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Feature: Moving Words
Jason Nelson

Birds Still Warm From Flying
A Cube Creation

When Ernő Rubik invented the Rubics Cube he connected two almost innate human fascinations: the cube and the puzzle. With six sides and nine squares per side, the ability to twist and move every line and row, the Rubic’s Cube is an interactive toy built on the geometric mystery of moving from chaos to perfection, of realigning the visual field to clean categories and equations. The toy has long been a physical platform for poetry, with students often replacing the coloured stickers with words and symbols.

And yet oddly nothing in the digital realm had been built to not only function as a Rubics cube, but more importantly offer the artist / poet the ability to replace the various squares with whatever content in whatever sizes and dimensions the digital poem needed.

I’ve been chasing this cube for as long as I’ve even considered the idea of digital poetry. One of my earliest works (In an unrelated sequence comes) uses a morphing cube format, forcing the user to click on squares to reveal the text. But its interactivity was severely limited, with only a basic click and no variation in dimension, linearity or the incorporation of multimedia aside from background sound. Then in 2006 I created another digital poem uses the cube form. The work (the Poetry Cube) offered two directional dimensionality, up/down and depth, and used a PhP database to allow web based user entry directly into the interface. But it lacked left/right, side to side interaction and again multimedia elements were near impossible to include. So this Cube digital poetry interface both includes the features of full dimensionality and the possibility of multimedia elements and offers the additional feature of individually movable squares within the cube.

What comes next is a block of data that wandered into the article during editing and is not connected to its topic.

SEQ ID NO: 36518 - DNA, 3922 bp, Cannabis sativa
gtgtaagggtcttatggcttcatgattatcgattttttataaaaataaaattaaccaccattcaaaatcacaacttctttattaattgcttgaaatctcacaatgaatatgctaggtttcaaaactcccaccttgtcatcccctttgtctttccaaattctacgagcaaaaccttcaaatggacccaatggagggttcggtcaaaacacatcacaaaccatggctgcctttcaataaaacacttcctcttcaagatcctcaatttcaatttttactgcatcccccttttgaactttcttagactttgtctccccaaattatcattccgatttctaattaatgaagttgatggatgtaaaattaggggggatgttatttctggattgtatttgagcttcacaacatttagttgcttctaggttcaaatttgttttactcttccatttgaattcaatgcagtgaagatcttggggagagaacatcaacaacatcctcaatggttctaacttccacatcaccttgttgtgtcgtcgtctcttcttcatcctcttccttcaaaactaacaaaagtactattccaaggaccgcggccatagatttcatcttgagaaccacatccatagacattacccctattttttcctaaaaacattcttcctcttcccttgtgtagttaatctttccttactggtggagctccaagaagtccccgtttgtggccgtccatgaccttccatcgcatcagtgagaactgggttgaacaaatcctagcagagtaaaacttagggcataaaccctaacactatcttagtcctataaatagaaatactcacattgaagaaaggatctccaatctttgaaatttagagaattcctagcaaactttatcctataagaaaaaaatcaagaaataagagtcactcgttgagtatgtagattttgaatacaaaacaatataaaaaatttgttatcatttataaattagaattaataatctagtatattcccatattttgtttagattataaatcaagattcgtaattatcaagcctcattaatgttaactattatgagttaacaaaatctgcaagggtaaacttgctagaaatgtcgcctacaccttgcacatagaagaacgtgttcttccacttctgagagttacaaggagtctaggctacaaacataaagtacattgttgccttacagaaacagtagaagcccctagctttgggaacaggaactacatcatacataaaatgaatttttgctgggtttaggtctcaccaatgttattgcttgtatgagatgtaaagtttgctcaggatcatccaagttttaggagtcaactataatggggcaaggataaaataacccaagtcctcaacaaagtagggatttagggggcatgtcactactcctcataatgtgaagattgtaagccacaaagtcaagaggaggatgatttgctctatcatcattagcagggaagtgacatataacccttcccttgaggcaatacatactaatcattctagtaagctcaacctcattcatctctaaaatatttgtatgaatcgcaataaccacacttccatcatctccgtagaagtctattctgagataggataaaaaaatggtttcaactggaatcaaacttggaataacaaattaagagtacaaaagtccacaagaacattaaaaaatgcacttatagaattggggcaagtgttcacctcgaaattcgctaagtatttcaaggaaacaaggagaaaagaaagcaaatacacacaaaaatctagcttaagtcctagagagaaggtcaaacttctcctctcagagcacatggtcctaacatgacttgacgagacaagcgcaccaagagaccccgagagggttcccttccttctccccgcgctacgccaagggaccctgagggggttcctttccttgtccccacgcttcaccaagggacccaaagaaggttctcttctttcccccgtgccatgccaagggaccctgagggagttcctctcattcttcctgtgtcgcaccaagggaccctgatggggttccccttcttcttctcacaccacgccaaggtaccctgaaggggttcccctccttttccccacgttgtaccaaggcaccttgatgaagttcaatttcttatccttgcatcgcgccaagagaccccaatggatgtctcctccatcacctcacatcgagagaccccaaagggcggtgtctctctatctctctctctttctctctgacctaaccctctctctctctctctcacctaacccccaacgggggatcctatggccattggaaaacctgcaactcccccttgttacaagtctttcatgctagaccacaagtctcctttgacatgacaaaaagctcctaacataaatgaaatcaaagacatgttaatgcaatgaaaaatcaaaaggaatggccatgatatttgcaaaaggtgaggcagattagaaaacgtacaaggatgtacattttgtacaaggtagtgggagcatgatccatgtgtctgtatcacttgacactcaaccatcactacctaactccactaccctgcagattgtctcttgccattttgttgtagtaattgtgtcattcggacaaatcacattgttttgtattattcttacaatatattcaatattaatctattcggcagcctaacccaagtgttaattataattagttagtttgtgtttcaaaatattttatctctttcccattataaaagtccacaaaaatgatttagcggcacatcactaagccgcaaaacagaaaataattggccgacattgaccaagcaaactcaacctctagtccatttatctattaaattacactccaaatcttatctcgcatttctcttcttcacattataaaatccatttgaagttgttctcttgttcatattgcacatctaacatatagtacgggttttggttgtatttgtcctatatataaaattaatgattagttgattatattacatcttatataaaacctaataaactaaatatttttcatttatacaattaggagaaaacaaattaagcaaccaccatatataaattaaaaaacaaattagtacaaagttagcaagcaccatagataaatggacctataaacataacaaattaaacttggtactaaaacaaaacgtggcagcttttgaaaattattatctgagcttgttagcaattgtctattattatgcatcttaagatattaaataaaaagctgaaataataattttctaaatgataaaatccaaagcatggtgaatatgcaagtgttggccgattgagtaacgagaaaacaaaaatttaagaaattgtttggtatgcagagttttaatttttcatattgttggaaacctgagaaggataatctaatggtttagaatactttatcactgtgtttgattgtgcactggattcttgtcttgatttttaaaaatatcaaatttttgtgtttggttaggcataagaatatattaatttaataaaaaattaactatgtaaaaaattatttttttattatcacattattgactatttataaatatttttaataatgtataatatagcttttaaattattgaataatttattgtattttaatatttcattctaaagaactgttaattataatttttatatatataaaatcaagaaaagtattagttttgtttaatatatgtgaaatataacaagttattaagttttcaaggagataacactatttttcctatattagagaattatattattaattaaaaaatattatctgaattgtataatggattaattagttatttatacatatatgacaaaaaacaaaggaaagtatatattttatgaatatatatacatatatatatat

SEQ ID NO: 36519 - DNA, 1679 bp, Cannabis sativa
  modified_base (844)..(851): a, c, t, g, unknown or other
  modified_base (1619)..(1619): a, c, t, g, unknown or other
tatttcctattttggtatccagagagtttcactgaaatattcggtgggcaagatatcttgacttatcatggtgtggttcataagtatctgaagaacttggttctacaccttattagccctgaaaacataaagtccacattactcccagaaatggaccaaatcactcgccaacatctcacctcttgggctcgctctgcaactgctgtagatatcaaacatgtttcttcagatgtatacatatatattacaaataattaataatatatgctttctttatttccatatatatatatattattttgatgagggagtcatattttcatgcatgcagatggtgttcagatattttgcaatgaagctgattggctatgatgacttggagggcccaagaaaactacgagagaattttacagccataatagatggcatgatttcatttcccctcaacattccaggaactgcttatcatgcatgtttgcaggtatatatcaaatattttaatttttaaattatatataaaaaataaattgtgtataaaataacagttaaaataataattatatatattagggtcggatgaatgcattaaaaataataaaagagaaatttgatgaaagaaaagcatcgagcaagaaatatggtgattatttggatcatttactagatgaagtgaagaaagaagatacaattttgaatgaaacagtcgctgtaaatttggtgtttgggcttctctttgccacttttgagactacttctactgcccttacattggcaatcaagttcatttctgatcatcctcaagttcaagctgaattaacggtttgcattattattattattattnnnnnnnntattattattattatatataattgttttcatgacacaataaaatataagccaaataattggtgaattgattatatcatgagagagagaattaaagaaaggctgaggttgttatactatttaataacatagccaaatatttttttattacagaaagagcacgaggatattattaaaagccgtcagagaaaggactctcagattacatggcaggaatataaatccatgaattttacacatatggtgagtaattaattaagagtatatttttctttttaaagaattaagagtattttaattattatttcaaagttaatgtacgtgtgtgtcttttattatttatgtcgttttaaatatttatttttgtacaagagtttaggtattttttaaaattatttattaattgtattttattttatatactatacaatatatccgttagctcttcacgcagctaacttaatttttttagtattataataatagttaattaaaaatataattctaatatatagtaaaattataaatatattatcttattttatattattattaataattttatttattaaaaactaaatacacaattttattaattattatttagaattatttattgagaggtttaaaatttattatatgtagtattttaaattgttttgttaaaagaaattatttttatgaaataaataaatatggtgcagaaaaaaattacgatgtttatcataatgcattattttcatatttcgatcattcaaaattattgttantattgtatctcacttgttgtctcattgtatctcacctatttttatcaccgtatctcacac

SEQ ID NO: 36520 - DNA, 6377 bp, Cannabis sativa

And from this history two questions arise. Why are these elements of dimensionality / multimedia / interactivity important in a digital poem? And also does the newest Cube version make the previous creations (like updated versions of software) failures and delete-able? As for the later question, I would love to wax romantic about how all creations are important, either within a historical context or because they hold together as digital poems despite their shortcomings. And while this might be true for scholars or readers of my work, as an artist I see the first two cubes as experiments, trial runs, explorations of a form. I suppose an argument could be made about how all creations are experiments leading to the next generation of poets. And while this is something I will revisit later, I can say my intentions with the first two were firmly as playgrounds. While the last cube is an attempt at a complete work, or rather a complete interface. I make the distinction between work and interface, because most of the digital poems I create are in flux, in constant states of revision.